Volunteers and evacuees watch TV coverage of Tropical Storm Harvey Aug. 28 at a Sacred Heart Church shelter in Conroe, Texas. Officials blocked traffic after the storm brought heavy flooding to the area. The north Houston parish opened its doors when the massive storm crippled the Galveston-Houston region with continuous rains, causing rivers to overflow their banks and prompting mandatory evacuations.
JAMES RAMOS/TEXAS CATHOLIC HERALD, cns
A woman holds her dog as she arrives to high ground after evacuating from her home because of floods caused by Tropical Storm Harvey Aug. 28 in Houston.
ADREES LATIF/REUTERS, cns
Thank you for being faithful, generous followers of Jesus
Michael C. Barber, SJ
This month on Sept. 9 and 10 we are taking up our annual second collection for our retired priests.
Since I have become bishop, two pastors of our parishes have suffered heart attacks. Both of these men were serving in "one priest parishes." They were rushed to the hospital, underwent heart surgery and spent some weeks in recovery. Priests from neighboring parishes and religious orders covered the basic Masses in their absence.
Both men, although well over the age of permitted retirement, reported back to their parishes as soon as they were patched up. They resumed their full schedule of Masses, confessions, sick calls and all the thousand duties that make up the life of the parish priest.
This should tell you something of the caliber of men who are serving you and our Diocese of Oakland.
And these two are not even among the retired!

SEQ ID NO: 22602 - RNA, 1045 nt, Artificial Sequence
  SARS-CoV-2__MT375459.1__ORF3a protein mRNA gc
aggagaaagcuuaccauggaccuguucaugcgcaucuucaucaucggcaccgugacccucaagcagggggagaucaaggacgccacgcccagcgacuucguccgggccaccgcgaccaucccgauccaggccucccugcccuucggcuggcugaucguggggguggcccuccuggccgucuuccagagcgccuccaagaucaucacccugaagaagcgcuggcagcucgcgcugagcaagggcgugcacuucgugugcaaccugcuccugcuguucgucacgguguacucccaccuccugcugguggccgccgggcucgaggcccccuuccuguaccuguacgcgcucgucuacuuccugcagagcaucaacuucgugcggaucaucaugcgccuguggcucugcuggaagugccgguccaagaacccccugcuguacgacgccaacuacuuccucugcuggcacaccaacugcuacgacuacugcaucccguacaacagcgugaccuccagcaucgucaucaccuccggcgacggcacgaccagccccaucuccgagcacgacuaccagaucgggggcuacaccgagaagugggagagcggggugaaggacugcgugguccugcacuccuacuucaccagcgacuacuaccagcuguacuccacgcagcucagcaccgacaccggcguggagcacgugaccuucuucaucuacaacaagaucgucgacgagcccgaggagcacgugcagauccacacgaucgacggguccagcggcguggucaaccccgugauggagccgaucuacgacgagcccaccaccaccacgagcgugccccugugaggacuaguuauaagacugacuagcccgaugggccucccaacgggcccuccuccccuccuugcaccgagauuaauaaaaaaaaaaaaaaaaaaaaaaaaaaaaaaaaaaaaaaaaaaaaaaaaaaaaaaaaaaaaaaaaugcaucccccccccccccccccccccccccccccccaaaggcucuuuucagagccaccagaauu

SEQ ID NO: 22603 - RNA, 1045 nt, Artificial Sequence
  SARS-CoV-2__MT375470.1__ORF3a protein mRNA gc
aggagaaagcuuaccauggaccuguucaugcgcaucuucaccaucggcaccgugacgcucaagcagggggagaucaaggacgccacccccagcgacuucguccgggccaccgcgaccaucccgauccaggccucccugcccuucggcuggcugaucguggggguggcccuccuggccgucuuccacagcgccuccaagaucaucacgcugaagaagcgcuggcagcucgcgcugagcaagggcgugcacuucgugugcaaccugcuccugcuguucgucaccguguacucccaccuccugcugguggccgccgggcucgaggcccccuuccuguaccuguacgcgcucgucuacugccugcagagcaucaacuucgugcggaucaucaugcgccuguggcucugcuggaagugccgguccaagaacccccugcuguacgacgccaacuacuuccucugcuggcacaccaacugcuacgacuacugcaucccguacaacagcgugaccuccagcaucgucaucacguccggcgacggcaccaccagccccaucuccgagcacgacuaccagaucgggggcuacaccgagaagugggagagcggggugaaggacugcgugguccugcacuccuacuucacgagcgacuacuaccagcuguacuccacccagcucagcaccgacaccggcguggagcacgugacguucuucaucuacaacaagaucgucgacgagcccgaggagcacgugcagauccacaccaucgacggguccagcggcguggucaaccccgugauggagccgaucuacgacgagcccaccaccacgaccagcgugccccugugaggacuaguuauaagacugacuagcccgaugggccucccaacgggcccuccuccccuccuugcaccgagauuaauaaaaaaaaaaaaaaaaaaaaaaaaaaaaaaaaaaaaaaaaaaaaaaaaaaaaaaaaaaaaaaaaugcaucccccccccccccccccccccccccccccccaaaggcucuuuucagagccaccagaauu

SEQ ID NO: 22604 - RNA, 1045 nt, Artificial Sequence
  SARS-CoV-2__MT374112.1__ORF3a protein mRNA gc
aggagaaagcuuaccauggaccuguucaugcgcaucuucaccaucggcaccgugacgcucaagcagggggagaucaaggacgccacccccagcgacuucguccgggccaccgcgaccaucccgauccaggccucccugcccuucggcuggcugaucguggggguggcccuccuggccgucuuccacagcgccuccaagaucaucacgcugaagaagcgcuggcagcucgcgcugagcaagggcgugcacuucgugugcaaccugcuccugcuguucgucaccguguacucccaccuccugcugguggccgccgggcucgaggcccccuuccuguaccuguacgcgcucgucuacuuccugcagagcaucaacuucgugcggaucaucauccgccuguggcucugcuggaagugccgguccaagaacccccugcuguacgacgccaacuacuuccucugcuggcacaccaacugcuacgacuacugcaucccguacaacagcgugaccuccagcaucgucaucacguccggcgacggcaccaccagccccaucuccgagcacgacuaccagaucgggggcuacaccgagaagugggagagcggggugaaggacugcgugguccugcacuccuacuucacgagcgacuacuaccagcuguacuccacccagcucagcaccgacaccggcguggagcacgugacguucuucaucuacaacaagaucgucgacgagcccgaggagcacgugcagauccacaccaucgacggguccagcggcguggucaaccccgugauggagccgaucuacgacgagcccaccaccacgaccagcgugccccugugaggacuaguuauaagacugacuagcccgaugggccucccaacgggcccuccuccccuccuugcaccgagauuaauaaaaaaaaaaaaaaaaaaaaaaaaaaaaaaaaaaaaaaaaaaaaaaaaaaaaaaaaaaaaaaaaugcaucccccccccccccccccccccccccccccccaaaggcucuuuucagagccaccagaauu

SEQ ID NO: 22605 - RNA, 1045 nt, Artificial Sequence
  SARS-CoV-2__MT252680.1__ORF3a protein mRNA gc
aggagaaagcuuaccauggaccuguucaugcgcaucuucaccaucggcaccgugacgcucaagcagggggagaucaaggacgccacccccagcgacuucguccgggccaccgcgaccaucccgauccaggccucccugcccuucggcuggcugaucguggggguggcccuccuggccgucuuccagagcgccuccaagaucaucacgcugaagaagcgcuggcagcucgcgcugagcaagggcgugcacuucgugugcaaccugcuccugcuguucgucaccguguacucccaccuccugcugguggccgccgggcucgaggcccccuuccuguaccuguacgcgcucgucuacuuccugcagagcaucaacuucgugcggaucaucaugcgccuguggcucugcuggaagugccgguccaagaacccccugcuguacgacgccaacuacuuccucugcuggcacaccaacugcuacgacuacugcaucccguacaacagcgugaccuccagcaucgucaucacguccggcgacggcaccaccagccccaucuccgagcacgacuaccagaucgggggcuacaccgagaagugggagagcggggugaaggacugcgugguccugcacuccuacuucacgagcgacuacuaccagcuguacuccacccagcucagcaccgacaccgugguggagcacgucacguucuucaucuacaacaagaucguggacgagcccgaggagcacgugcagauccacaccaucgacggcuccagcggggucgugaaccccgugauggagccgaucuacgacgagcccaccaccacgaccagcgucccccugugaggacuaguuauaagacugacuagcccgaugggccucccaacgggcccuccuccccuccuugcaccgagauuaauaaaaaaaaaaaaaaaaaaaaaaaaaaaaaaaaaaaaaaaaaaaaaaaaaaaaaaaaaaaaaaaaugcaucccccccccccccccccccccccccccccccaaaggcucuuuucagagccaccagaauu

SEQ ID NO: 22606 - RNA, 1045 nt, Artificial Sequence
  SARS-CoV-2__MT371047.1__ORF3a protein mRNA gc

Our retired priests continue to help with Masses and confessions, penance services, quinceañeras — all to serve the people of God.
Some priests who have been long retired have returned to pastor parishes full time when we have had some "emergency gaps." We could not operate all our 84 parishes without the kind and cheerful help of these men.
Like fatherhood or motherhood, you never retire from being a priest. When we were ordained we were told "Tu es Sacerdos in aeternum" — You are a priest forever. I am forever grateful to them, and I thank you for your generosity is helping us to help them with this special collection.
|Help storm victims|
Give in your parish or send directly to the Chancery.
Make checks payable to the Roman Catholic Bishop of Oakland, and in the memo field write, "for Hurricane Harvey relief."
If sending directly to the diocese, mail to Diocese of Oakland Accounting Department, 2121 Harrison St., Oakland, 94612.
All funds forwarded from the parishes or sent to the diocese will be sent to Catholic Charities USA.
We have all been watching with great concern the hurricane in Houston. Seeing whole families — children, parents, grannies, pets — floating on rafts or small boats down their once-placid streets, I can't help but think, "That could be me. That could be us."
I saw a video on You Tube of a flooded Catholic church. The water completely covered the top of the pews, and rose up the five steps flooding the sanctuary. You could see just the top of the Blessed Mother's head, as her statue was nearly engulfed. A parishioner in a rain jacket filming with his iPhone said, "We've lost our beautiful church!"
The Catholic bishops of the USA are organizing a special collection in all churches to be taken up on one of the weekends in September, at the discretion of the pastor.
The funds will be distributed through Catholic Charities USA to help those in the affected areas. Although there are few if any survivors left now from the 1906 earthquake that destroyed much of San Francisco and parts of Oakland — similar collections were taken in Catholic Churches around the country to help us.
So great is the love of the Heart of Christ living in his disciples, we cannot just stand by and watch while people suffer. God bless you, and thank you for being, such faithful and generous followers of Jesus.
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